Finally, the biblical view of grace is distorted by the doctrine of the real presence. The teaching of the Scriptures is that God’s grace comes freely to all who place their trust for-by-grace-are-ye-saved-headwaters-baptist-churchwholly in Christ for salvation (Eph. 2:8-10; Tit. 2:4-7). By contrast, the doctrine of the real presence, taken with the entire Roman Catholic understanding of the sacraments and of the unique role of the church in dispensing grace through those sacraments, redefines grace to mean something which is acquired only through the institution of the church by means of the stipulated sacraments. This idea lies at the very heart of the Roman Catholic system. It contradicts fundamentally the Protestant understanding that the believer – any believer – stands in direct relationship with God through Jesus Christ alone, without the intervention of any other person or institution. In this way also, the doctrine of the real presence substantially obscures a leading gospel truth.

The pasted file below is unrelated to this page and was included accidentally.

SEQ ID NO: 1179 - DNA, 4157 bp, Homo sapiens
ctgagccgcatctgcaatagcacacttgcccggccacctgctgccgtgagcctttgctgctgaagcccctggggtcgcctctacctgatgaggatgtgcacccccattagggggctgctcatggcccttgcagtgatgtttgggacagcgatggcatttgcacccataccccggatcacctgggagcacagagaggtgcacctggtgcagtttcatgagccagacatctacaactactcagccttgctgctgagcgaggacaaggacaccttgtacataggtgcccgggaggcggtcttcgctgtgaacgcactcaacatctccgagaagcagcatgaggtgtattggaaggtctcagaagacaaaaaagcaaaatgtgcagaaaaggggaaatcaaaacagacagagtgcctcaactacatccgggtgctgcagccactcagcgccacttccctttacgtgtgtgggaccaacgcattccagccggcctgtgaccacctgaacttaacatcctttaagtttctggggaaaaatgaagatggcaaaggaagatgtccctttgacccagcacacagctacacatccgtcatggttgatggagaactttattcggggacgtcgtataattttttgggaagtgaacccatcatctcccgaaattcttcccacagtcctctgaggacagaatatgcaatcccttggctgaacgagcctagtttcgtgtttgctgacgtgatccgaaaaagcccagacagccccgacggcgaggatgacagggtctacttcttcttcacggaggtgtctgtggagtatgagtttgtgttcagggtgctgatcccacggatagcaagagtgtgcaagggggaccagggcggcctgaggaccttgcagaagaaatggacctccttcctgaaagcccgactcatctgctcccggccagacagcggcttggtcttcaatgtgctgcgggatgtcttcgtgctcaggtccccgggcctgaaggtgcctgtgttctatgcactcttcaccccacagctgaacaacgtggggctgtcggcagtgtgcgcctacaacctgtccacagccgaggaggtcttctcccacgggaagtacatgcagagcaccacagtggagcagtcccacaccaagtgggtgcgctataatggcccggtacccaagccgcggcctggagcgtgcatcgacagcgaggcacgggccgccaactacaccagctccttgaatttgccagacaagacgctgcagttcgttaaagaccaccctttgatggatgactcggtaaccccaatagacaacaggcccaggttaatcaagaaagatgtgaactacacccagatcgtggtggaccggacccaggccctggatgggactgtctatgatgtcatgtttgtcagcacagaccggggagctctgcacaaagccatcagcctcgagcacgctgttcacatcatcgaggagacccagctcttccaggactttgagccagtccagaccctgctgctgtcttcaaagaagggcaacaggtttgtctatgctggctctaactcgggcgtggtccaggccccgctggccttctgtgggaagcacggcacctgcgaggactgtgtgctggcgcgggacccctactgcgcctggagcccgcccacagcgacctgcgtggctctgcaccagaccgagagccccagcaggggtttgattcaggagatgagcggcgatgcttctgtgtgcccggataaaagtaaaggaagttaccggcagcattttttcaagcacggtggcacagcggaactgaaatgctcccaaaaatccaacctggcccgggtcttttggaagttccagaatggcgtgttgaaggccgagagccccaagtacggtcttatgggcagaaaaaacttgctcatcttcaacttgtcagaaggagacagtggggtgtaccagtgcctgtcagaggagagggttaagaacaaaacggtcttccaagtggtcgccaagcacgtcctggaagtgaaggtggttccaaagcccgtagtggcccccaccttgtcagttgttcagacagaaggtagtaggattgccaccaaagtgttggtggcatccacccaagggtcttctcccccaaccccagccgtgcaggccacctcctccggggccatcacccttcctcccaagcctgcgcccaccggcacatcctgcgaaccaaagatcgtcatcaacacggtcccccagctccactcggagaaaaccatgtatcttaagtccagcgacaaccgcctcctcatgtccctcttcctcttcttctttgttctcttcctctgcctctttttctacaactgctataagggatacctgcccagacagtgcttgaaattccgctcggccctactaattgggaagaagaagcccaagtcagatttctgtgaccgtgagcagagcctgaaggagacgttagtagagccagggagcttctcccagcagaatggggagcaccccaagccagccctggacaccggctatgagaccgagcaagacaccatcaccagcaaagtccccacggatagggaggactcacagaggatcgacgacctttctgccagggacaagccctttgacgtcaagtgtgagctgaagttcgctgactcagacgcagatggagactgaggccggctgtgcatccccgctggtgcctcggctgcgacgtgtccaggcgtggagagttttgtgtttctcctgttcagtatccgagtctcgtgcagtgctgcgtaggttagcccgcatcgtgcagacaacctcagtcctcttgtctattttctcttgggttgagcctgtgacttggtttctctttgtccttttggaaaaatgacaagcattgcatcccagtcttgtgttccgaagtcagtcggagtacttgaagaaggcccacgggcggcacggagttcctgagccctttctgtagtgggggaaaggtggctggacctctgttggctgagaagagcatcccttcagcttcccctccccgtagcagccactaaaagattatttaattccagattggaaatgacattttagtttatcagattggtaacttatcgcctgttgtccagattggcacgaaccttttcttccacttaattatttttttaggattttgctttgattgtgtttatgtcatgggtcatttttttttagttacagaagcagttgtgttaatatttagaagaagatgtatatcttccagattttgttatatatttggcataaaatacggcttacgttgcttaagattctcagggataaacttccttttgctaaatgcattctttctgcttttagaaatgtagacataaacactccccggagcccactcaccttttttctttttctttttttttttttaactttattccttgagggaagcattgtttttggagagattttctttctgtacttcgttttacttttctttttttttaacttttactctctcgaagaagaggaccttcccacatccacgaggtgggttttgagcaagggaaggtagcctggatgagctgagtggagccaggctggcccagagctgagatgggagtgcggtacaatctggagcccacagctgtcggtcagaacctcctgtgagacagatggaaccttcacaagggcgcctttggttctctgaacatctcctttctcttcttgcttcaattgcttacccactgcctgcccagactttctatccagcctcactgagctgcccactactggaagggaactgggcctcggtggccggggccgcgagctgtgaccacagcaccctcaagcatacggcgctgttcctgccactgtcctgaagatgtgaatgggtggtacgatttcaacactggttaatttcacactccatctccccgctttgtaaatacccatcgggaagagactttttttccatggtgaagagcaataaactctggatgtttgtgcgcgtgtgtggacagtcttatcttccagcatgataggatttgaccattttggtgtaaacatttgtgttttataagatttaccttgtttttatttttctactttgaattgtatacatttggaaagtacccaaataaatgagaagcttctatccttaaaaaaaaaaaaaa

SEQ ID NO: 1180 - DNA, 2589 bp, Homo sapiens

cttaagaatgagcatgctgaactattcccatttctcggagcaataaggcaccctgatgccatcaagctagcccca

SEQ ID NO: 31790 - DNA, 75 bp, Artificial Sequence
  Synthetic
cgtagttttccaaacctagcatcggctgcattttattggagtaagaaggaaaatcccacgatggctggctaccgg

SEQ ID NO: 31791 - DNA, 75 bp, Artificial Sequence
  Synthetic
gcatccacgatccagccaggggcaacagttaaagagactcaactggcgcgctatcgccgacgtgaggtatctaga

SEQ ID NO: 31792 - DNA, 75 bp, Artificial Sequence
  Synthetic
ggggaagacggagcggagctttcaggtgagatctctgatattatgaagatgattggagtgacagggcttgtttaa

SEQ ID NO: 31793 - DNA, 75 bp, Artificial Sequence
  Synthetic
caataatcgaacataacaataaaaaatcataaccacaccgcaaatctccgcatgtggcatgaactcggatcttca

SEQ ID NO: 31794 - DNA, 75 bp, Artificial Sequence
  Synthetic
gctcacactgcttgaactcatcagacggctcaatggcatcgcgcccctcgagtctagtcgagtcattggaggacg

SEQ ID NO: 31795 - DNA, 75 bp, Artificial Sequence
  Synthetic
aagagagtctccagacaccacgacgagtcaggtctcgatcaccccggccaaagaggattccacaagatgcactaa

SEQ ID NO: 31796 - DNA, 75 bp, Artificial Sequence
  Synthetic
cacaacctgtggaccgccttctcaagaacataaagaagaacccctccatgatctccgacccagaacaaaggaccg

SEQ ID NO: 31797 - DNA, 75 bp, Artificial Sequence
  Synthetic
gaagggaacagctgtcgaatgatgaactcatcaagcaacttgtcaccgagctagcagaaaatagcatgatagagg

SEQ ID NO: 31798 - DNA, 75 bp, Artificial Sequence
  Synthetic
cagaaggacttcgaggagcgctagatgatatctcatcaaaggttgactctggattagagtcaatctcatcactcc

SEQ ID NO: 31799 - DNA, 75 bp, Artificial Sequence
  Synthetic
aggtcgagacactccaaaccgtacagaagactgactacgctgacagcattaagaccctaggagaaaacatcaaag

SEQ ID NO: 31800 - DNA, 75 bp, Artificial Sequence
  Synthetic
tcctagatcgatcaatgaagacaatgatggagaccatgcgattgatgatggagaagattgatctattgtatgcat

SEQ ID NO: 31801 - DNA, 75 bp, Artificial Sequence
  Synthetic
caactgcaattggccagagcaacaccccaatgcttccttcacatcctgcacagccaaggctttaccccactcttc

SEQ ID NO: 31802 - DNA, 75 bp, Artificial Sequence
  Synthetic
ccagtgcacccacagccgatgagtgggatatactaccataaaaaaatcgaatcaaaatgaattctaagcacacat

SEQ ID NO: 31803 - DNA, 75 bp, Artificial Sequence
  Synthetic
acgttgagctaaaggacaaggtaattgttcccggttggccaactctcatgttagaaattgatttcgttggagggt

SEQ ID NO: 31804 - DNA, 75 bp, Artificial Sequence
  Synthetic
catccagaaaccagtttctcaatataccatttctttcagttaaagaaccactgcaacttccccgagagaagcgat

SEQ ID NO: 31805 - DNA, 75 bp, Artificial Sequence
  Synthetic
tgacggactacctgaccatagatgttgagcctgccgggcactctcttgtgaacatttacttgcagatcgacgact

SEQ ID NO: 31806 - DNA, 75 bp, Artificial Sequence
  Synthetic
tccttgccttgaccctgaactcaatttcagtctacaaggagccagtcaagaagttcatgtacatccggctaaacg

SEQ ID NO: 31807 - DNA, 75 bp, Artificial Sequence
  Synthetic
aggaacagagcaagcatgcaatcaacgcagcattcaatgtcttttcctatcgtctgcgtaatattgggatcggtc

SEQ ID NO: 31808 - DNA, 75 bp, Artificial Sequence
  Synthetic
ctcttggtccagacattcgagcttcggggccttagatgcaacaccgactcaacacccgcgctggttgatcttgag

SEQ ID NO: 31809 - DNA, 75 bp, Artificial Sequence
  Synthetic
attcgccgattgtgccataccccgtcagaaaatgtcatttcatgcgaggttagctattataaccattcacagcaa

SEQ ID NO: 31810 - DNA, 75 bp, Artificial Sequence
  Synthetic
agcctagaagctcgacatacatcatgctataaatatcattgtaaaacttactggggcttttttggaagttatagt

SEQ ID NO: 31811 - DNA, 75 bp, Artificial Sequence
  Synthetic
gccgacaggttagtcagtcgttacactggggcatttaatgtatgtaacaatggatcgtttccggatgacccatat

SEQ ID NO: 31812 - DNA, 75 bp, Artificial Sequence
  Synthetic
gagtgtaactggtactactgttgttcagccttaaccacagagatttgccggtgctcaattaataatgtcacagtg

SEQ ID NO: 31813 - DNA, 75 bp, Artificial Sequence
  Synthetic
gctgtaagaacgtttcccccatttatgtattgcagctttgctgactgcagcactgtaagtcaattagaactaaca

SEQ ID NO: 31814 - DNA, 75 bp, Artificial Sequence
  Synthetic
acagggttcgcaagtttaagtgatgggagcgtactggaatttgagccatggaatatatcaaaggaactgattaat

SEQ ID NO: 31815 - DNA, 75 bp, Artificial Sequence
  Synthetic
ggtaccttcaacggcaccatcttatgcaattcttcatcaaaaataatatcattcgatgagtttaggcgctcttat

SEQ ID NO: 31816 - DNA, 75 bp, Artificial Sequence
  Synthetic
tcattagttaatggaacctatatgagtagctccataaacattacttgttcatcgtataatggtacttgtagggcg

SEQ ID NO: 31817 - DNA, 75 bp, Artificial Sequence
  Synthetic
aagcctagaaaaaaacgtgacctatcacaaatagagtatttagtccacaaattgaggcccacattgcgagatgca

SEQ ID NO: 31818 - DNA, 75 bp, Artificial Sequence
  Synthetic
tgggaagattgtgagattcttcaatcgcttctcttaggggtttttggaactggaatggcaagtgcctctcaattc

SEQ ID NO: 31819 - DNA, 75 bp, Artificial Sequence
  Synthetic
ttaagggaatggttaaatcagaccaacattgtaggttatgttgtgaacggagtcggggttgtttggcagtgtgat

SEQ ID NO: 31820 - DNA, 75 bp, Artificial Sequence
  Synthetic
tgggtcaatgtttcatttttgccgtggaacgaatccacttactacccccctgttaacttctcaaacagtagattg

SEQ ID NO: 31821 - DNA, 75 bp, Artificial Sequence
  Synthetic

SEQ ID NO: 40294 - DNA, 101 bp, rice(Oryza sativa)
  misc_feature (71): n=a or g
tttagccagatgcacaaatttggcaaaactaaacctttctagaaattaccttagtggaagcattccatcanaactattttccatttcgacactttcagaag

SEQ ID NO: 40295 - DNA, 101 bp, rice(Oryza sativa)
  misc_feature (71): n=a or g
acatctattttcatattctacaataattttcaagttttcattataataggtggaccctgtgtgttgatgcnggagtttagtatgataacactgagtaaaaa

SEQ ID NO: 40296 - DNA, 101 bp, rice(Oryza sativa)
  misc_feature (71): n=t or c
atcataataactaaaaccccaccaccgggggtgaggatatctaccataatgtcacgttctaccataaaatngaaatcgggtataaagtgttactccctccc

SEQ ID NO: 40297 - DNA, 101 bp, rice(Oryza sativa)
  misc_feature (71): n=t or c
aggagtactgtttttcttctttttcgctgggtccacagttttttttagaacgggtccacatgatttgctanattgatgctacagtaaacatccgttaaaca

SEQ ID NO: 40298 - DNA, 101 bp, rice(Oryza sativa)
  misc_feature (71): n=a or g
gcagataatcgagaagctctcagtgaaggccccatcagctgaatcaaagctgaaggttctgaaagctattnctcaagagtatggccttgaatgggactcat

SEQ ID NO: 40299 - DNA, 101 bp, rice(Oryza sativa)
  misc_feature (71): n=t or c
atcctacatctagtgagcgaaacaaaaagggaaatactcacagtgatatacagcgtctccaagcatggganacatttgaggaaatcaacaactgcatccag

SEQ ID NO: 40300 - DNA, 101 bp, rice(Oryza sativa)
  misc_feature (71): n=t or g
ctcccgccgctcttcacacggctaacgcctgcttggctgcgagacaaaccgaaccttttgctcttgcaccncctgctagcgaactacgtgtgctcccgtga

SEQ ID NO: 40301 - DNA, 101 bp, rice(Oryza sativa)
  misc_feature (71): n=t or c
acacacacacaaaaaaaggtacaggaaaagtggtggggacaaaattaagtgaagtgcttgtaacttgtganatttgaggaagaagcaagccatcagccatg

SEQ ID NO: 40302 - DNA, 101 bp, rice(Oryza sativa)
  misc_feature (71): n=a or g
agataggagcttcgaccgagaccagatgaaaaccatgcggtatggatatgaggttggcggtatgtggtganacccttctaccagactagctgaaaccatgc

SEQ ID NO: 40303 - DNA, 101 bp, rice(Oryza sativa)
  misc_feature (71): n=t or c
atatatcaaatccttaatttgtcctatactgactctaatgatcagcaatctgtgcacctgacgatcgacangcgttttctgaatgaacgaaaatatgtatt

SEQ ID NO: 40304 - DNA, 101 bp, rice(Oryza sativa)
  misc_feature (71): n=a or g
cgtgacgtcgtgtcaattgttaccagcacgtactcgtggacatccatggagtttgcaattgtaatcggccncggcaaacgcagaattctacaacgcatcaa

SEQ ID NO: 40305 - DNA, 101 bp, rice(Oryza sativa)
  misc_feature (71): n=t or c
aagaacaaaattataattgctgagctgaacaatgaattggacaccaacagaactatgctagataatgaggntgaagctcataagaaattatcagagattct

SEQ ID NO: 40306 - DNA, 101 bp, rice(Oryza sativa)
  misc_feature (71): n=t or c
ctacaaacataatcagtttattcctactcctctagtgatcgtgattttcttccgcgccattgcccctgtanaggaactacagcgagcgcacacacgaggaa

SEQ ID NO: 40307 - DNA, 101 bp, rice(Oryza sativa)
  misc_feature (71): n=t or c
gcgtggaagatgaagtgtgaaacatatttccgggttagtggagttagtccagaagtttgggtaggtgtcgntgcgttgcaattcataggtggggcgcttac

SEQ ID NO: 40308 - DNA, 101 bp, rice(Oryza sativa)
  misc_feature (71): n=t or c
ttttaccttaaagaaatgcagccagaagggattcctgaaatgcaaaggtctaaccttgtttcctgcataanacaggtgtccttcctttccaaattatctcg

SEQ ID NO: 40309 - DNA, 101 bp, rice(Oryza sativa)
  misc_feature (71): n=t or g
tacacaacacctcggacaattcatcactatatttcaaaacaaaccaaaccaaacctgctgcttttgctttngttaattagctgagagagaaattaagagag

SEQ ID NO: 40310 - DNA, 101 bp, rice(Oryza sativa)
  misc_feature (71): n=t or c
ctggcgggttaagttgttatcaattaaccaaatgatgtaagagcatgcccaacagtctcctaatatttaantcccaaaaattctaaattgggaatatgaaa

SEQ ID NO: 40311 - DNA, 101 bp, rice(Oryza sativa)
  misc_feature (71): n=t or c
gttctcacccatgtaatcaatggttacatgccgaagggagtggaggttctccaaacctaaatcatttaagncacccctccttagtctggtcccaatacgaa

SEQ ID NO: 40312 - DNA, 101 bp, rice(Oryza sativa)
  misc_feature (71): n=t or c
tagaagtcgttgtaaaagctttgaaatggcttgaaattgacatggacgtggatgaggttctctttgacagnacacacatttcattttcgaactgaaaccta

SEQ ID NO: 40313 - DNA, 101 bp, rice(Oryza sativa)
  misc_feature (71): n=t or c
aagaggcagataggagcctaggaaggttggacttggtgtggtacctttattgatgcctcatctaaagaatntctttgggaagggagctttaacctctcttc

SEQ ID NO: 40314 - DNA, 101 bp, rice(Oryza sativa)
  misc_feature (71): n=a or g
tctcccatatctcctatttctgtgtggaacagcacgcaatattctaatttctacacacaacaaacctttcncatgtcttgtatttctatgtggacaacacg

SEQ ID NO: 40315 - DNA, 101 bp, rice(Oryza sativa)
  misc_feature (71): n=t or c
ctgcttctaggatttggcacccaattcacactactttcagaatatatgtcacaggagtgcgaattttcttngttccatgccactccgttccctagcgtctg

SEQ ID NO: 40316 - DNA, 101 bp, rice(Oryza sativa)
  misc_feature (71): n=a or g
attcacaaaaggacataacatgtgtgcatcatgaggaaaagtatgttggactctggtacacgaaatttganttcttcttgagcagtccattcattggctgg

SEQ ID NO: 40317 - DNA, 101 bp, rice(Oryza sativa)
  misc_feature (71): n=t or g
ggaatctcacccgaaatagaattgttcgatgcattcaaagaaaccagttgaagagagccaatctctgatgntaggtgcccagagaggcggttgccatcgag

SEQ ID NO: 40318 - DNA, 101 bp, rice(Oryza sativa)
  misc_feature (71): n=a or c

In a short article like this, it is not possible properly to do justice to this topic. However, the above thoughts are offered in vindication of Ryle’s claims. He makes clear elsewhere in the same article that the denial of the real presence was the great truth for which the English reformers in the 16th century gave their lives, particularly during the reign of Queen Mary: ‘in every case’, he wrote, ‘their refusal to admit the doctrine [of the real presence] formed one principal cause of their condemnation’. Men and women were prepared to be burned to death for this, such was their understanding of the terrible, soul-destroying nature of the doctrine of the real presence. I believe that their, and Ryle’s, estimate of that doctrine is fully justified.
 First published, 1890; repr. Edinburgh: Banner of Truth, 2015; the quotation is on p. 38 of this latter edition.